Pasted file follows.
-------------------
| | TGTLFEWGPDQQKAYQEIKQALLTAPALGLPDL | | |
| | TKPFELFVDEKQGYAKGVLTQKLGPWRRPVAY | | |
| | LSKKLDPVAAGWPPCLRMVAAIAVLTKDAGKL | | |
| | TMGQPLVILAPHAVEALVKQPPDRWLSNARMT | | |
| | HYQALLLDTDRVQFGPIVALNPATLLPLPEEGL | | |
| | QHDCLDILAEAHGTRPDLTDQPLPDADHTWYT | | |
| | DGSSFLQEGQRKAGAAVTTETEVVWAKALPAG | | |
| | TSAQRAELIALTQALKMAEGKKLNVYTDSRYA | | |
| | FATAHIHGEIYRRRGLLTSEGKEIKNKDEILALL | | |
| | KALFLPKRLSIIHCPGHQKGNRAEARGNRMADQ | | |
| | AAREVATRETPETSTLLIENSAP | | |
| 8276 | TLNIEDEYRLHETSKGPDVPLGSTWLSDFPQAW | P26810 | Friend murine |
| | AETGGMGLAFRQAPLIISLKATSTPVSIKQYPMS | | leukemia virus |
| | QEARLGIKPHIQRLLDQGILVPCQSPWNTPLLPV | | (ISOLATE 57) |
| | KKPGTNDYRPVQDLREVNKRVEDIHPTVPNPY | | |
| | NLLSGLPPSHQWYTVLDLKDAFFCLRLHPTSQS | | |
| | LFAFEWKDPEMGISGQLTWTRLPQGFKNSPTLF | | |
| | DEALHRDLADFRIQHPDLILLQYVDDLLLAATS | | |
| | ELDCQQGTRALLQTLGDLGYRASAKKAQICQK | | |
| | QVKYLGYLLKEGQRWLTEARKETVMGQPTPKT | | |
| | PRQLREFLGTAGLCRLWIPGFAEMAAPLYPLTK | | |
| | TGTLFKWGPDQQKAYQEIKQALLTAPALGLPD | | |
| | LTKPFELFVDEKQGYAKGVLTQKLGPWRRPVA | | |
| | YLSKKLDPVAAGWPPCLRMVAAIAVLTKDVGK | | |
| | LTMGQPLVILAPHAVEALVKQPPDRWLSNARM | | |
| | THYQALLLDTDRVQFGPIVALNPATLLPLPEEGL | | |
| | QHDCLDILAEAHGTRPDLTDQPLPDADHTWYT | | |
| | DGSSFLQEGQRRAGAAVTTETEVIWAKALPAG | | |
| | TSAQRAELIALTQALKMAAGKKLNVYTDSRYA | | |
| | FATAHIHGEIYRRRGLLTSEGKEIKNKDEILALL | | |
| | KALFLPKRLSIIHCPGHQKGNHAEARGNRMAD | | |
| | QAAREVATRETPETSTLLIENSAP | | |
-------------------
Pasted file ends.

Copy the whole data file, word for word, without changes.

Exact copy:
| | TGTLFEWGPDQQKAYQEIKQALLTAPALGLPDL | | |
| | TKPFELFVDEKQGYAKGVLTQKLGPWRRPVAY | | |
| | LSKKLDPVAAGWPPCLRMVAAIAVLTKDAGKL | | |
| | TMGQPLVILAPHAVEALVKQPPDRWLSNARMT | | |
| | HYQALLLDTDRVQFGPIVALNPATLLPLPEEGL | | |
| | QHDCLDILAEAHGTRPDLTDQPLPDADHTWYT | | |
| | DGSSFLQEGQRKAGAAVTTETEVVWAKALPAG | | |
| | TSAQRAELIALTQALKMAEGKKLNVYTDSRYA | | |
| | FATAHIHGEIYRRRGLLTSEGKEIKNKDEILALL | | |
| | KALFLPKRLSIIHCPGHQKGNRAEARGNRMADQ | | |
| | AAREVATRETPETSTLLIENSAP | | |
| 8276 | TLNIEDEYRLHETSKGPDVPLGSTWLSDFPQAW | P26810 | Friend murine |
| | AETGGMGLAFRQAPLIISLKATSTPVSIKQYPMS | | leukemia virus |
| | QEARLGIKPHIQRLLDQGILVPCQSPWNTPLLPV | | (ISOLATE 57) |
| | KKPGTNDYRPVQDLREVNKRVEDIHPTVPNPY | | |
| | NLLSGLPPSHQWYTVLDLKDAFFCLRLHPTSQS | | |
| | LFAFEWKDPEMGISGQLTWTRLPQGFKNSPTLF | | |
| | DEALHRDLADFRIQHPDLILLQYVDDLLLAATS | | |
| | ELDCQQGTRALLQTLGDLGYRASAKKAQICQK | | |
| | QVKYLGYLLKEGQRWLTEARKETVMGQPTPKT | | |
| | PRQLREFLGTAGLCRLWIPGFAEMAAPLYPLTK | | |
| | TGTLFKWGPDQQKAYQEIKQALLTAPALGLPD | | |
| | LTKPFELFVDEKQGYAKGVLTQKLGPWRRPVA | | |
| | YLSKKLDPVAAGWPPCLRMVAAIAVLTKDVGK | | |
| | LTMGQPLVILAPHAVEALVKQPPDRWLSNARM | | |
| | THYQALLLDTDRVQFGPIVALNPATLLPLPEEGL | | |
| | QHDCLDILAEAHGTRPDLTDQPLPDADHTWYT | | |
| | DGSSFLQEGQRRAGAAVTTETEVIWAKALPAG | | |
| | TSAQRAELIALTQALKMAAGKKLNVYTDSRYA | | |
| | FATAHIHGEIYRRRGLLTSEGKEIKNKDEILALL | | |
| | KALFLPKRLSIIHCPGHQKGNHAEARGNRMAD | | |
| | QAAREVATRETPETSTLLIENSAP | | |